First her Mom died. Delia had a tough relationship with her, never feeling like she was wanted and cherished. Her Mom did the usual things like putting dinner on the table and buying her clothes. The bare minimum stuff. She did not, however, do things like come to any of Delia’s softball games in high school or any of her school concerts. This kind of parent-child relationship is tricky. There wasn’t any overt abuse, like being hit, which can be much easier to understand and respond to. This kind of thing — which I call emotional neglect — is was much more subtle and tends to seep into every nook and cranny of a person’s sense of worth.
As Delia sat across from me each week, I could see how painful it was to wade through it all. It was coming off of her in thick mucky waves. The hardest part was the intense heart longing. Even though intellectually Delia knew that her Mom would never be the caring, kind, loving Mom she needed, Delia was also mourning that she would never have this Mom now that her Mom was dead.
Then one day, about six months after her Mom died, Delia’s husband left.
She didn’t see it coming. Already feeling on shaky ground after her mother’s death, Delia reported that her life was suddenly turned upside down by her husband’s departure. For months, nothing in her life made sense or felt worthwhile. She struggled to take regular showers and feed herself. She had trouble staying on top of her stressful job as a lawyer in a large firm in Manhattan. She drifted away from the friends on whom she once counted for support.
Delia was in the midst of a huge transition. I call these times Gate Passages.
Most of us go through at least one of these in our lives. Some Gate Passages are enormous and unwanted, like what Delia was experiencing. Some aren’t. They can even be things that you want in your life, like getting married or beginning a new job. Either way, going through a Gate Passages can be notoriously difficult. We tend to want things to stay the same, because there’s comfort and predictability in it that helps us feel safe. Gate Passages kick this predictability to the curb and kicks you out of your comfort zone.
From a zoomed out perspective, Gate Passages do specific things. They clear out people, things, and circumstances that you don’t need for the next part of your journey. Like Delia experienced, this can be really tough. She didn’t want her marriage to end. The go-to coping skills that worked like a charm for you before can suddenly break down. You feel like the people around you haven’t a clue what’s happening and don’t understand. You can feel panicky and anxious about the changes and uncertainty ahead of you.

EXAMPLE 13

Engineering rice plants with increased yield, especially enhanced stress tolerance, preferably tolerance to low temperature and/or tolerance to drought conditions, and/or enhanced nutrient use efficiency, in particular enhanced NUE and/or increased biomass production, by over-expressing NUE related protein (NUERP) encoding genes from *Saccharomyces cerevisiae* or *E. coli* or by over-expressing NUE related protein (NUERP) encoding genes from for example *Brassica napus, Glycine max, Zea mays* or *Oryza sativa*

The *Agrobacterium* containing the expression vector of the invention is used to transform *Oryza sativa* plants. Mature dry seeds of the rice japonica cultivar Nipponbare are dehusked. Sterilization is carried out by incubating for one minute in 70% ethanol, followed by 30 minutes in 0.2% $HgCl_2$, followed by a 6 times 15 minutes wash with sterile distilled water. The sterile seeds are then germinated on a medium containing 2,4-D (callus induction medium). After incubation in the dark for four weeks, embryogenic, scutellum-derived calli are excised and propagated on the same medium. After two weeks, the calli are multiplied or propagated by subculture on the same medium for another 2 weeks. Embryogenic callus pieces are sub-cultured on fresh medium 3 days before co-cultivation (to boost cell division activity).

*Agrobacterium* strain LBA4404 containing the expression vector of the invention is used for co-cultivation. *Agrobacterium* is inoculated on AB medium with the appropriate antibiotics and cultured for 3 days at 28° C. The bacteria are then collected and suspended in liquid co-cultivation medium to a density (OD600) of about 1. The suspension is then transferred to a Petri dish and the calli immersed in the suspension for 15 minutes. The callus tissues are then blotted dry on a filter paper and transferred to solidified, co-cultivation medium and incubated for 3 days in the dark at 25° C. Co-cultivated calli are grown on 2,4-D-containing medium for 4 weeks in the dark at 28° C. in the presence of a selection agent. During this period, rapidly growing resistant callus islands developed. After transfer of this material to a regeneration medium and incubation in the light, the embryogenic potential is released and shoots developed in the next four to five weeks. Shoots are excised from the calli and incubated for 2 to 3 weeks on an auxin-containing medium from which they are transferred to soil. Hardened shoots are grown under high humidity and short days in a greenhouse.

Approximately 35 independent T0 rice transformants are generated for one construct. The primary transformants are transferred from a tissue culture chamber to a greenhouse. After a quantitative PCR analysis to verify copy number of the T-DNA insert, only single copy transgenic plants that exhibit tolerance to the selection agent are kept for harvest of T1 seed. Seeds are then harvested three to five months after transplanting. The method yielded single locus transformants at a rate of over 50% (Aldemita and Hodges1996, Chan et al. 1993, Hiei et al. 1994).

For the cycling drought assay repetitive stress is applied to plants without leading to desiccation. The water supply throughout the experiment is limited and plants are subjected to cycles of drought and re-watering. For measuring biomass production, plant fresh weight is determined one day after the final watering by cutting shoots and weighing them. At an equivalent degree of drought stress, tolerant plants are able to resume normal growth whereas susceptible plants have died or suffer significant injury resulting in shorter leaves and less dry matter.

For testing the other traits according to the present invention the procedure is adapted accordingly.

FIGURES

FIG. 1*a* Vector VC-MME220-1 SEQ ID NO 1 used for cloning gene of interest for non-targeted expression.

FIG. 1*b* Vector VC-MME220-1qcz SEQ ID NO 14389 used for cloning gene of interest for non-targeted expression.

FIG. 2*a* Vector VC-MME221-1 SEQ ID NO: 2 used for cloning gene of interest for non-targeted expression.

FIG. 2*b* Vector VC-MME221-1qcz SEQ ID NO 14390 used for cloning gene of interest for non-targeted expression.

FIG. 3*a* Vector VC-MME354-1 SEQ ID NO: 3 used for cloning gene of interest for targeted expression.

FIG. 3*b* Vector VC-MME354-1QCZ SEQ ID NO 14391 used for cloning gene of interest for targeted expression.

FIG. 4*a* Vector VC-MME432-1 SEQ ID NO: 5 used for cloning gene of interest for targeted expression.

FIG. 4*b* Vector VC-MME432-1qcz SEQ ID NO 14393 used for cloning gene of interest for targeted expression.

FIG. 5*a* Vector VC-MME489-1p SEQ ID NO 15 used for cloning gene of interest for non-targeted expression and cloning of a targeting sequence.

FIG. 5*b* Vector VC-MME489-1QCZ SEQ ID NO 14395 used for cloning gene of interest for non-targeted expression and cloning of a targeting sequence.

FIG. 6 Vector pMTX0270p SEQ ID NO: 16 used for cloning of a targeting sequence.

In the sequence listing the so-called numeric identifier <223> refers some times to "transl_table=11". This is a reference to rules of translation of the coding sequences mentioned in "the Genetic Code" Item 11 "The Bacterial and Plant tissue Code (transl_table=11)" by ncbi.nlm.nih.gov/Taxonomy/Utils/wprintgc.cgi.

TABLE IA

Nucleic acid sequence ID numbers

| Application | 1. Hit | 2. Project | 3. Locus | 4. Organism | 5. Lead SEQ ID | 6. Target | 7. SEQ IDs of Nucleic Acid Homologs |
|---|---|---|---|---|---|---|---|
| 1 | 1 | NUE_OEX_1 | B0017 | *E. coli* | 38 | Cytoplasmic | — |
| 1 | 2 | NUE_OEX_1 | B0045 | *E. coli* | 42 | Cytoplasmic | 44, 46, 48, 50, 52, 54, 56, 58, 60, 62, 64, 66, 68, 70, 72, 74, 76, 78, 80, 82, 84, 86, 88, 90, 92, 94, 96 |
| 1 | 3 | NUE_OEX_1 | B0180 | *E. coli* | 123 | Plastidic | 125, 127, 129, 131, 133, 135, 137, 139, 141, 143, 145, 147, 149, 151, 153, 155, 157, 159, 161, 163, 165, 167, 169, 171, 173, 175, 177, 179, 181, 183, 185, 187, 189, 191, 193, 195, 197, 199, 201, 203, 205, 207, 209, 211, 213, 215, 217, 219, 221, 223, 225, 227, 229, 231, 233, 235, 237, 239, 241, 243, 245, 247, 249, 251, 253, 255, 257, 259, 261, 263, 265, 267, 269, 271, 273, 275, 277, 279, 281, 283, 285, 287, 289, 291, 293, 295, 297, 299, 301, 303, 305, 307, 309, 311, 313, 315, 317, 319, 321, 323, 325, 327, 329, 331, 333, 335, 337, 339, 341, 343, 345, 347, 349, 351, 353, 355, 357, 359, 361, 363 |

Gate Passages require new skills to help you navigate your way through it.
Here’s one to try right now: get curious about it.
Getting curious lets you move through it differently. It gives you a break from the intensity of it and distance. With this distance, you can also begin to make meaning of it and put it into the context of your life so far. I call this being your own sacred witness. Journaling can be a super helpful way to cultivate curiosity. If journaling doesn’t make your toes curl with glee, try something else. Make a collage, bake a cake or do an interpretive dance. See what you notice, as the sacred witness to this part of your life.
Some specific things to be curious about are:
- What’s ending in my life right now?
- Who is leaving?
- Why it is happening? If you don’t know, tap into your inner knowing and guess.
- What lessons are here for me?
- How am I showing up for this change?
- What’s coming next?
- Where and in what way to I need support (see below)?
If this is tough for you, close your eyes and imagine that you are seeing yourself going through this from above. From this zoomed out perspective, see yourself before the change, as the change arrives, and what lies ahead.
Going through a Gate Passage is easier with support. Humans are biologically wired to be in community. Having others to lean on is the soothing balm for your heart, especially when you’re doing through something big. I’ve been guiding smart sensitive people through Gate Passages for nearly 20 years. If you find yourself wanting support through your big change, get in touch. Here's where I tuck in how to find me.